I didn’t always spend my days this way. I used to be called on for the tough jobs. If there was a bull that needed to be roped, they called me because I am big, very strong, and bulls don’t scare me…..llamas do, but who isn’t afraid of Llamas? If there was a cow who was having trouble calving, I brought her in. If there was a long cattle drive ahead of us, I went in the back to keep things moving along. I have pushed in between angry cows chasing farmers, I have tolerated excited young pups who liked to snap at my nose, and I have even pulled a truck out of deep mud!
All of that changed one day when a 3-year-old girl was plopped onto my back. She sat up there feeling my mane, and after a few minutes she proudly exclaimed, “I’m fableeous up here mommy, just fableeous.” She was hooked.
Over the years, our relationship has developed from me ignoring her while she sat on my back to where we are today. In the beginning, her feet didn’t come past the saddle pad, so I could pretend I didn’t know she was there and just continue eating grass while she practiced steering and clucking and kissing me into motion. I would never run no matter how many times she asked. I don’t like running unless there’s a good reason. As her legs have grown, and she has gotten stronger, I have found that it’s more important to pay attention to what she suggests, or her polite suggestion will turn into a drill sergeant’s command…….always followed by ‘good boy’ and lots of hugs.
My skill set has changed also. In the past, there wasn’t much criticism when I ran after a calf, but now I am expected to change leads, and be on the correct diagonal….whatever that means. I am sometimes subjected to being shown on the halter, which really makes me uncomfortable. I’ve never liked being the center of attention, and there’s something about those people looking at me so closely that makes me fidget. This really upsets my little boss, so I try to do my best.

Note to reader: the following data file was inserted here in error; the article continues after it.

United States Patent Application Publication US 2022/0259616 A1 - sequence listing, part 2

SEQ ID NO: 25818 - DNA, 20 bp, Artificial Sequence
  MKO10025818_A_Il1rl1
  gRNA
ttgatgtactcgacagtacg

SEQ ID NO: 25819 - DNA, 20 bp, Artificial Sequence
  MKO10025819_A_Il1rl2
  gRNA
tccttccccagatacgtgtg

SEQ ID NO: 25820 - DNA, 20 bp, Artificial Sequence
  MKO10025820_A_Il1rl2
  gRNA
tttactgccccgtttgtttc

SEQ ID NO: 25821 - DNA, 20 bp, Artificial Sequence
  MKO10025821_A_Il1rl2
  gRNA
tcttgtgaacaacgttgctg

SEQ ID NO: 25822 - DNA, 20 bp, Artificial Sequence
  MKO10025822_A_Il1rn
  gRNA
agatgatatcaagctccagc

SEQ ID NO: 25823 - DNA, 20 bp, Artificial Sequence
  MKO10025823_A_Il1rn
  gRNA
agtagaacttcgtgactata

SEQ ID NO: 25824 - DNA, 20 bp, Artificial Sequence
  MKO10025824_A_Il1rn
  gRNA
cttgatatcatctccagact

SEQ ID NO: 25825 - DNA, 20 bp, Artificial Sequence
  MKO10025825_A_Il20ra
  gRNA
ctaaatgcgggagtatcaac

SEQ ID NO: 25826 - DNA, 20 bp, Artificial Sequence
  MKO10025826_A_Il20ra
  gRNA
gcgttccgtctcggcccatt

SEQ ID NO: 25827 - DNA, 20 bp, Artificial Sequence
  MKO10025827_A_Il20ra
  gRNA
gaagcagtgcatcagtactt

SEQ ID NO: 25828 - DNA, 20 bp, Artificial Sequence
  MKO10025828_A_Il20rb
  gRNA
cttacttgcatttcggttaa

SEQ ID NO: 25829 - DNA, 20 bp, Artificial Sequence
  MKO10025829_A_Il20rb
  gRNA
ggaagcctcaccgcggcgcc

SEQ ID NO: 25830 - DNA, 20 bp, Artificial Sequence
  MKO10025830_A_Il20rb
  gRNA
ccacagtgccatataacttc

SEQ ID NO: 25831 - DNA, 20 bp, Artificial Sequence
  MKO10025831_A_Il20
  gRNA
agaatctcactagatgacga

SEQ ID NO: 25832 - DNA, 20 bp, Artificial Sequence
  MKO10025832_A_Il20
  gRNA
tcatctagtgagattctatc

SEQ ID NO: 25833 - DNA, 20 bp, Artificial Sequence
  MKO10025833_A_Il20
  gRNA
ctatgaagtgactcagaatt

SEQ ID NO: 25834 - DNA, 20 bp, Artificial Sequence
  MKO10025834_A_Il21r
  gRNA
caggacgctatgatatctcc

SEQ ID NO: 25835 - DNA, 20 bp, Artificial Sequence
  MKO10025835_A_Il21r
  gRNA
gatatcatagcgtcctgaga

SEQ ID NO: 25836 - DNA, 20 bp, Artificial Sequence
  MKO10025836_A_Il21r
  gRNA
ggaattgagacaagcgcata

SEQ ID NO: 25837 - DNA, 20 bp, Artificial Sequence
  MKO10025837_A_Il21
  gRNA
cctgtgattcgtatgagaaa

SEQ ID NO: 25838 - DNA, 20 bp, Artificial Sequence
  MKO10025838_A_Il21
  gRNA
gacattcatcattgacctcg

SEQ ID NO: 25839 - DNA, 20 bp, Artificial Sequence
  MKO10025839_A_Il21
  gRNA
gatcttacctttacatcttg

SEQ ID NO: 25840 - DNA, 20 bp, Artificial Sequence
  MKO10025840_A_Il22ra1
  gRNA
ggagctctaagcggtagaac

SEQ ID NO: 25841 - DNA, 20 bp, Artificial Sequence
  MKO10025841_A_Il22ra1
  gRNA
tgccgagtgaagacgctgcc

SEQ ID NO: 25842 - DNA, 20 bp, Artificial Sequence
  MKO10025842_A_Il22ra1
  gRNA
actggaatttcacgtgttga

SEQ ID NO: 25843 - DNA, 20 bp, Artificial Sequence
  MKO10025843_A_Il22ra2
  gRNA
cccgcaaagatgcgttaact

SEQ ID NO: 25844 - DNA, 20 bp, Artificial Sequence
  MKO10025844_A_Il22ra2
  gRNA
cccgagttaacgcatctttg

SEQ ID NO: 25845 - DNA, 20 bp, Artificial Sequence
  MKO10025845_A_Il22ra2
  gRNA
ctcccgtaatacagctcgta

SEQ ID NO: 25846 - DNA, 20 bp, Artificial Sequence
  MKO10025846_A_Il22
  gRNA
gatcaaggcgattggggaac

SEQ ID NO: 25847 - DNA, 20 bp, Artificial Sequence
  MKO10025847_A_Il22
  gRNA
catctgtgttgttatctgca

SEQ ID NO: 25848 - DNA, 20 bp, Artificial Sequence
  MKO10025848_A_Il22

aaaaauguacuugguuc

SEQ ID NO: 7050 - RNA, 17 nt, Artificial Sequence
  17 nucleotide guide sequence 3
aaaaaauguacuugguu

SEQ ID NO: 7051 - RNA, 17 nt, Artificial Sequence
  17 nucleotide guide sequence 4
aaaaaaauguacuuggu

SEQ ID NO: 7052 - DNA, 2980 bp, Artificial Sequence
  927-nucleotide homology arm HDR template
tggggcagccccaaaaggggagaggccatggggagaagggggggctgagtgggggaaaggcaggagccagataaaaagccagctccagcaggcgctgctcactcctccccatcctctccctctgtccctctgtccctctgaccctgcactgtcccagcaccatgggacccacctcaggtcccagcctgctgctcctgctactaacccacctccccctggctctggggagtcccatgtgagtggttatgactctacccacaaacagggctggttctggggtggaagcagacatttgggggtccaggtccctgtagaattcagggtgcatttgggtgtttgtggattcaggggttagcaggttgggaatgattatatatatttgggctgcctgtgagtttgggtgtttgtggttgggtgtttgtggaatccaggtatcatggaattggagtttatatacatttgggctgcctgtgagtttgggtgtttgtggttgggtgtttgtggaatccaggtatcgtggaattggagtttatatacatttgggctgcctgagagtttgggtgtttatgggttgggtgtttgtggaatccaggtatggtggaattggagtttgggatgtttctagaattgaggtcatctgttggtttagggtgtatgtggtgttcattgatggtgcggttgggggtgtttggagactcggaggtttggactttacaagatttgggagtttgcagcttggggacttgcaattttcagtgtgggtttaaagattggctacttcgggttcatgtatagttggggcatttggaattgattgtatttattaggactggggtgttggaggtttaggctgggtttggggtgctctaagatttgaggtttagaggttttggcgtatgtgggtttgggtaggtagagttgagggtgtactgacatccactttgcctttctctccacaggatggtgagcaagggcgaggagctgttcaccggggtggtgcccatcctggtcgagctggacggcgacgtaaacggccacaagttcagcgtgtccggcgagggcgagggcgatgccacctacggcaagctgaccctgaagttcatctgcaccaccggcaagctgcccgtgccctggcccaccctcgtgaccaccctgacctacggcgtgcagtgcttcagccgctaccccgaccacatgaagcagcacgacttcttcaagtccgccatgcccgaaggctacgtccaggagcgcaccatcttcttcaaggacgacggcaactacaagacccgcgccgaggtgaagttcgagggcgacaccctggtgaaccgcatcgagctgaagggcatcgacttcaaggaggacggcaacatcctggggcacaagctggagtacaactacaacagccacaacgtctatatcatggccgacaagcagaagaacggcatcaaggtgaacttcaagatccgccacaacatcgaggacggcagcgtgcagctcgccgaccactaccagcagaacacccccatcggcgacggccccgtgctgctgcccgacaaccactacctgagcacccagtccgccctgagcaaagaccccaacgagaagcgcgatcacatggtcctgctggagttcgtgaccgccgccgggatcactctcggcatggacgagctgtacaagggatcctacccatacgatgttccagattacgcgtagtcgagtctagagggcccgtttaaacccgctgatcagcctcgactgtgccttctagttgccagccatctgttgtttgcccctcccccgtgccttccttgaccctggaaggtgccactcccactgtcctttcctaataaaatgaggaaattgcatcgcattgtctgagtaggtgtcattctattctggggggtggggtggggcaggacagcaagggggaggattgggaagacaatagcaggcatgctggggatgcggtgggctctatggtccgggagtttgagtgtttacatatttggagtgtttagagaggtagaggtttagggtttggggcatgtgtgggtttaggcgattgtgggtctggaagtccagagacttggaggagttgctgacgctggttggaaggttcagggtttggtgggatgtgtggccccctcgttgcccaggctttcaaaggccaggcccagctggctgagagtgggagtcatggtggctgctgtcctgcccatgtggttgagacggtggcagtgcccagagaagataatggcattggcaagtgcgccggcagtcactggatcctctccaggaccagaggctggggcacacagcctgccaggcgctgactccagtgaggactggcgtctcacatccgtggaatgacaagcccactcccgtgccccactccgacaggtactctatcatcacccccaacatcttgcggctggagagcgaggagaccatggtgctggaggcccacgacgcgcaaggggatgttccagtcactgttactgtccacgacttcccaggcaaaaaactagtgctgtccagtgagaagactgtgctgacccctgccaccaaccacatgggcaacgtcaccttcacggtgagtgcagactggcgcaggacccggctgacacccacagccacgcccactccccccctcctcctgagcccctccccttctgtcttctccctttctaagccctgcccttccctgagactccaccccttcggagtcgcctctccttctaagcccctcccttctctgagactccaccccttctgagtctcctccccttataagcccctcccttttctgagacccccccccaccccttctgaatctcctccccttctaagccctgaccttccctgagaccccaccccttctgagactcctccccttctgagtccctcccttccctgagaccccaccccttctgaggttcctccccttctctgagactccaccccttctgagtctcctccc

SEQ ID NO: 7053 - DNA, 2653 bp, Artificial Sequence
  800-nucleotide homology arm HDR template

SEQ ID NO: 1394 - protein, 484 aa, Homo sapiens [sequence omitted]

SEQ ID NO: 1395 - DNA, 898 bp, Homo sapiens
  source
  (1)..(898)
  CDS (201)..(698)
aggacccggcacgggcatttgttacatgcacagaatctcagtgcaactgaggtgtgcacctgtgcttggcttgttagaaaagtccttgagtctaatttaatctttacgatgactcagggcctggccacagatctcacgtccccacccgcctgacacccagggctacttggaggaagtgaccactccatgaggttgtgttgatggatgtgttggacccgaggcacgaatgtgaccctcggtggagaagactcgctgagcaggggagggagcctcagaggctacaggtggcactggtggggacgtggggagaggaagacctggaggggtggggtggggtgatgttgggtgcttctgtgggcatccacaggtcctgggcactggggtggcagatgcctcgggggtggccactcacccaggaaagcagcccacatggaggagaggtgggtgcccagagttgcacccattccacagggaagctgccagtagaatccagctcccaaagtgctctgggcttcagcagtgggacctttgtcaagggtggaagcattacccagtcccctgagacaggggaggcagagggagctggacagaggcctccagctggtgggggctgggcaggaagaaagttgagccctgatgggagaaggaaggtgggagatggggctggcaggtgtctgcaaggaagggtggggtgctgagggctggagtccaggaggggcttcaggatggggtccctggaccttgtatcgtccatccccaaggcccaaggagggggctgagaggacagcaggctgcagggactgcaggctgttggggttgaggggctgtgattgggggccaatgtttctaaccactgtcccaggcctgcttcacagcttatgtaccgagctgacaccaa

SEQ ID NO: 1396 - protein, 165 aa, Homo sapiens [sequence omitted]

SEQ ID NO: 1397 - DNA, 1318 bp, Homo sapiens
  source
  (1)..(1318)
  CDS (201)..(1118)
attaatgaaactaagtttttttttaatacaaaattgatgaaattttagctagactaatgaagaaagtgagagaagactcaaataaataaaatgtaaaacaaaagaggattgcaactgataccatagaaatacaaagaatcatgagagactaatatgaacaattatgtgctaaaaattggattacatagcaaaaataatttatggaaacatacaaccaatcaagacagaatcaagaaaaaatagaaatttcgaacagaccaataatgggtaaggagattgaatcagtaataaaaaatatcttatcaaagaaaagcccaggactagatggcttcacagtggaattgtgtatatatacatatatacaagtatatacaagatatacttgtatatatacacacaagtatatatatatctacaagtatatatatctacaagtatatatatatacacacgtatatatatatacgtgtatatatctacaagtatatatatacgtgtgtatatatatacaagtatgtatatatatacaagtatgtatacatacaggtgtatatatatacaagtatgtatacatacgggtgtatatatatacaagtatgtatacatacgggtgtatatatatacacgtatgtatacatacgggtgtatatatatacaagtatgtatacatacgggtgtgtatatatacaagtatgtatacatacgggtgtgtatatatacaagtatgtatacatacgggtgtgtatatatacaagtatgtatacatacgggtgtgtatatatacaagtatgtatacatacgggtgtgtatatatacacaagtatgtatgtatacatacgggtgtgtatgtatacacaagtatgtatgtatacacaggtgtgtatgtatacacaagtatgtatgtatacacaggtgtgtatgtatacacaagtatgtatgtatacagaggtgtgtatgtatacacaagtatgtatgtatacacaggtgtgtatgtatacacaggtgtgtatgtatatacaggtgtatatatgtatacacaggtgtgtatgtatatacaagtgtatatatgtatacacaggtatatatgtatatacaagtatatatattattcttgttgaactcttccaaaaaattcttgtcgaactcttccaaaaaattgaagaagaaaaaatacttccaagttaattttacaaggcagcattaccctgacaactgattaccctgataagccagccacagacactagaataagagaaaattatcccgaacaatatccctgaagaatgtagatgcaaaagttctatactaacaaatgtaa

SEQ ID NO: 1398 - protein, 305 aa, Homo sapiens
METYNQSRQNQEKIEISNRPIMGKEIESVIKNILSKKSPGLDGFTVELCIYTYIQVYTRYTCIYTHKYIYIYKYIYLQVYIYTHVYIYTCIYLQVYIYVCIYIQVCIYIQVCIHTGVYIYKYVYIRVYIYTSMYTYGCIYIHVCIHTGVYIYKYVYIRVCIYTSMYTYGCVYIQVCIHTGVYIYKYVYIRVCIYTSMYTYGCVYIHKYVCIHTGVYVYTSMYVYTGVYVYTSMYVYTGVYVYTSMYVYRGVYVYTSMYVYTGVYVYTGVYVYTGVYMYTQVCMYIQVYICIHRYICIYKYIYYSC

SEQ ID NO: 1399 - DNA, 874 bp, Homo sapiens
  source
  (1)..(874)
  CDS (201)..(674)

I know the other geldings think it’s weird when I come home from a trip to town smelling like strawberries, with my mane and tail all in braids. Sometimes the elastics on my braids are pink, to match my ‘pajamas’ that she dresses me in to stay warm on the ride home. But here’s the thing – I am comfortable. I get more treats than they do. I hear the knickering and commotion when I am brought back into the pen, but don’t forget who I am guys!
I am still big, I am still strong, and I’m still the boss!
All horses should have the good fortune to be loved by a kid at least once in their life.